South Auckland’s Richard Sutton … this is possibly a name to watch for the future, certainly one that could now be expected to feature highly on the results sheets at upcoming major New Zealand cross-country events.
The 27-year-old plumber from Ararimu, east of Ramarama, has steadily been climbing the rankings on the New Zealand dirt bike racing scene and, although unheralded at the start of this season’s Dirt Guide Cross-country Series, he is now one of the men most fancied to take the main prize.
He took his Yamaha YZ125 to finish a creditable fourth overall at the first of three rounds of the popular Dirt Guide cross-country series near Tokoroa in May, then backed that up with a solid runner-up finish, behind fellow Yamaha man Callan May, of Titirangi, last month.
Those two results have placed Sutton top of the series standings, with another Yamaha rider, Cambridge’s Ashton Grey, just two points behind him in the runner-up position, thanks to Grey’s 2-5 score-card thus far.
The third and final round of this series is set for the same venue at Ohakuri, about halfway between Taupo and Tokoroa, in just over a week’s time, on July 22, and Sutton must now fancy his chances of clinching the senior trophy.
A recent trip to the United States, to watch Kiwi comrade Liam Draper race in the Grand National Cross-country Championships (GNCC), served as massive inspiration to Sutton.
“I was over in the United States with Liam for a month,” said Sutton.
“I didn’t ride there but I did get to see some awesome racing. I learned a few things while I was over there too, like knowing how to look for lines in the forest. It’s all about walking the track before the race and trying to see where you can be quicker.
“Last year I broke my leg at a race in Mosgiel, so that put me out of racing for over a year. But, I returned from my trip to the USA and bought a Yamaha YZ125. The next day I went and raced the cross-country nationals round at Taupo (in April) and I won the 125cc class that day. I think I was about 10th overall.”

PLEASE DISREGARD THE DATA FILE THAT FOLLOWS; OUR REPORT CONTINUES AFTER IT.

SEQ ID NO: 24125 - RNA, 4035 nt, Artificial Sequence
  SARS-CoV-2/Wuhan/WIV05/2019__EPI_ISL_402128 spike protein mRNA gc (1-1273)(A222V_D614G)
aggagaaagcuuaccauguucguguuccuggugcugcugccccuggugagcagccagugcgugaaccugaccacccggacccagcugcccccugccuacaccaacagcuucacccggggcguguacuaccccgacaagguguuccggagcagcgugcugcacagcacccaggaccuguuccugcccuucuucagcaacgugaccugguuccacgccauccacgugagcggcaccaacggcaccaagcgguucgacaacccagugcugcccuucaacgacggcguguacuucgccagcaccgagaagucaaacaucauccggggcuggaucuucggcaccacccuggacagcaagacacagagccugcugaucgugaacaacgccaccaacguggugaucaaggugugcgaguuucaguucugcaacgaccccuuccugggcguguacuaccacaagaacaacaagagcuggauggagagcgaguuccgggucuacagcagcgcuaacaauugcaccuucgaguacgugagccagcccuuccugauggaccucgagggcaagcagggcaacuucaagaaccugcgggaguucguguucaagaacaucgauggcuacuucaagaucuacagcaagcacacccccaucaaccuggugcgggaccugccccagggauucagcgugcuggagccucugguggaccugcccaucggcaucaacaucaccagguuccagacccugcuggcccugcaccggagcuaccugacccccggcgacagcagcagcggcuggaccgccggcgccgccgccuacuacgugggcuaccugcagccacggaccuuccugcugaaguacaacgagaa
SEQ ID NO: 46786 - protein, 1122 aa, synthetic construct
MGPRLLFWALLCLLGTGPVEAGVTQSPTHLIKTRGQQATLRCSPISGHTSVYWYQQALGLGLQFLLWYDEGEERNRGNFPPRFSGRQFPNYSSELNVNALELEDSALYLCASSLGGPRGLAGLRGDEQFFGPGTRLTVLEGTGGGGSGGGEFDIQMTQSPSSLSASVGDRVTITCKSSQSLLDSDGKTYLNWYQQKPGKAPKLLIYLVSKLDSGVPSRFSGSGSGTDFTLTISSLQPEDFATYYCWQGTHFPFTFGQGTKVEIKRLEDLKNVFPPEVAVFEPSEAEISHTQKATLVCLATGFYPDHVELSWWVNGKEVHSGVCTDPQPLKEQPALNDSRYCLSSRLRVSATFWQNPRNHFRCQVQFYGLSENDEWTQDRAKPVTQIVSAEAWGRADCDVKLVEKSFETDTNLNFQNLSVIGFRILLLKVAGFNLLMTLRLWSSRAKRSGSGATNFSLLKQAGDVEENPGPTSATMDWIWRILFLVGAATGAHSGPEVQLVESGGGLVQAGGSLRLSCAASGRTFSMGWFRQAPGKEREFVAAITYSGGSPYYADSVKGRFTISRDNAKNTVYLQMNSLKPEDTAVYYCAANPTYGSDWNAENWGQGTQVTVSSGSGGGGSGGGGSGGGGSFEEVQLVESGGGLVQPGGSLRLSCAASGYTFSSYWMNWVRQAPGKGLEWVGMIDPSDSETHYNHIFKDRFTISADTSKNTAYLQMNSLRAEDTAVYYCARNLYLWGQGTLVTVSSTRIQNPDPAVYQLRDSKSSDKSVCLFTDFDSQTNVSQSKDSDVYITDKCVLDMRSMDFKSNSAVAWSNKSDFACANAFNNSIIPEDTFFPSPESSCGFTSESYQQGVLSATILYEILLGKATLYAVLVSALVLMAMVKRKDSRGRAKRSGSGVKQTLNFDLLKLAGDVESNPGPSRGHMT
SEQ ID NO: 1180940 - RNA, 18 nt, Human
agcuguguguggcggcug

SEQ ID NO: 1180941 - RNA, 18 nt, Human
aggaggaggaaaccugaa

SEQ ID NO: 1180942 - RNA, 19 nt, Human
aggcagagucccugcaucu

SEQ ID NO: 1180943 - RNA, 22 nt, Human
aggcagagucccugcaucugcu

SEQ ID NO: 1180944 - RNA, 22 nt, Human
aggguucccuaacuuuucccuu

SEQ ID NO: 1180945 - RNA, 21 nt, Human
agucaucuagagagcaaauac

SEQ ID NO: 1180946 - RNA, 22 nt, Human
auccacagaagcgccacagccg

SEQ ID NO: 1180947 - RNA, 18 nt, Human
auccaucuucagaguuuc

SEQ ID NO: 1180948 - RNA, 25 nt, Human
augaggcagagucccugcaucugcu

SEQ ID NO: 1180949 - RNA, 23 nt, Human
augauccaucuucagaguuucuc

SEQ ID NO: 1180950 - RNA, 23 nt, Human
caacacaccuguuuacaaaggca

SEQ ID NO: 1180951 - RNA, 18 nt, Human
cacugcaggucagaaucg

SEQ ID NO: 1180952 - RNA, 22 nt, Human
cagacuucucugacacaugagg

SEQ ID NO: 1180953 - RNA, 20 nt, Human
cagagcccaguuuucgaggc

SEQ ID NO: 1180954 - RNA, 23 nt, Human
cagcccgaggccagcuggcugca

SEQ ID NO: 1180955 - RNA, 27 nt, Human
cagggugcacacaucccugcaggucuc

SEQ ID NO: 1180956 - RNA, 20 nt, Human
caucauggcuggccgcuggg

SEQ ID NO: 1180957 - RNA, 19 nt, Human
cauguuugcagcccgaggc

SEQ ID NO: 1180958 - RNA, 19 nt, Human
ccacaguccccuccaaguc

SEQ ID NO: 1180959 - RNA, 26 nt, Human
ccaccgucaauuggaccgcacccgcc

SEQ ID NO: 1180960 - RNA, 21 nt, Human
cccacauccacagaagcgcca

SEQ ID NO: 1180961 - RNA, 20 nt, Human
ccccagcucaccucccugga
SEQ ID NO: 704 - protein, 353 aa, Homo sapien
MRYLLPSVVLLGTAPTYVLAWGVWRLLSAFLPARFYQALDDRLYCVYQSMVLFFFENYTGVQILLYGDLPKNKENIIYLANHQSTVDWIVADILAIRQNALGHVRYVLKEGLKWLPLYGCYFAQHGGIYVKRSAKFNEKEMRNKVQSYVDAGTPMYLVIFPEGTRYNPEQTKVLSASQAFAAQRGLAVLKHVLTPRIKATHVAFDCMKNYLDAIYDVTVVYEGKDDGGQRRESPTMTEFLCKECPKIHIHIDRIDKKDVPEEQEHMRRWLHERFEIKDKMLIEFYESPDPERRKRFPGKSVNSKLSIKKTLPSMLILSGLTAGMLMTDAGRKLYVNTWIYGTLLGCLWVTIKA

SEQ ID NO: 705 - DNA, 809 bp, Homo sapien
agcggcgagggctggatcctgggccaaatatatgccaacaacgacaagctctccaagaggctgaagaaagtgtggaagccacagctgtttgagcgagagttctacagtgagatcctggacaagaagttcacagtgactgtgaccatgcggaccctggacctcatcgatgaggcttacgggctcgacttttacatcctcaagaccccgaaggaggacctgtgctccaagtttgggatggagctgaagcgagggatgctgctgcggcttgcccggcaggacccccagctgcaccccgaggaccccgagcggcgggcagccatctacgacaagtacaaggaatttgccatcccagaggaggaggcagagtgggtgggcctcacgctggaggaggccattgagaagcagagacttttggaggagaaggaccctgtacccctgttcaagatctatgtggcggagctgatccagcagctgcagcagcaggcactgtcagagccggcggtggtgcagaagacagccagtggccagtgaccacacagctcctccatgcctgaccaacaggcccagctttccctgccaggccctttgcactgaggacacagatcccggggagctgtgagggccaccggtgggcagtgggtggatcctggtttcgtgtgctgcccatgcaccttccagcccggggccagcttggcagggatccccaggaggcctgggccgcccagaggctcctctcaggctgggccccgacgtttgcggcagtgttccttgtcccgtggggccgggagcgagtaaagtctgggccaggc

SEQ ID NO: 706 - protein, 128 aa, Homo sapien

Despite lining up against riders on 250cc, 300cc and 450cc bikes, Sutton is perhaps the favourite to win the Dirt Guide Series outright this year.
“That’s the plan, anyway,” he laughed.
It will be a massive double-header weekend on Sunday, July 22, with the Dirt Guide event sharing the billing with the opening round of this year’s six-round NZXC series – riders at Ohakuri therefore scoring points at two separate series that day.
The NZXC series was first created in 2015 by former Kiwi international Paul Whibley, the former champion in the United States keen to put something back into the sport at home.
Whibley’s NZXC series will again this year amalgamate some of the sport’s most popular events.
Whibley has “cherry-picked” the best events from other series already happening around the country to create the NZXC competition, co-sanctioning this year’s opening round of the NZXC with the final round of the Dirt Guide Series, then also coupling up with the NZ GNCC, the Woodhill Two-Man, The Central Cross-country Series and the Yamaha Taikorea 500.
After the opening round of the NZXC Series at Ohakuri on July 22, the series heads to Taikorea, near Palmerston North, on August 5; the Woodhill Forest on September 2; Matata on October 13; then Woodhill again, on November 10, and it finally wraps up at Waimiha on December 8.
© Words and photo by Andy McGechan, www.BikesportNZ.com
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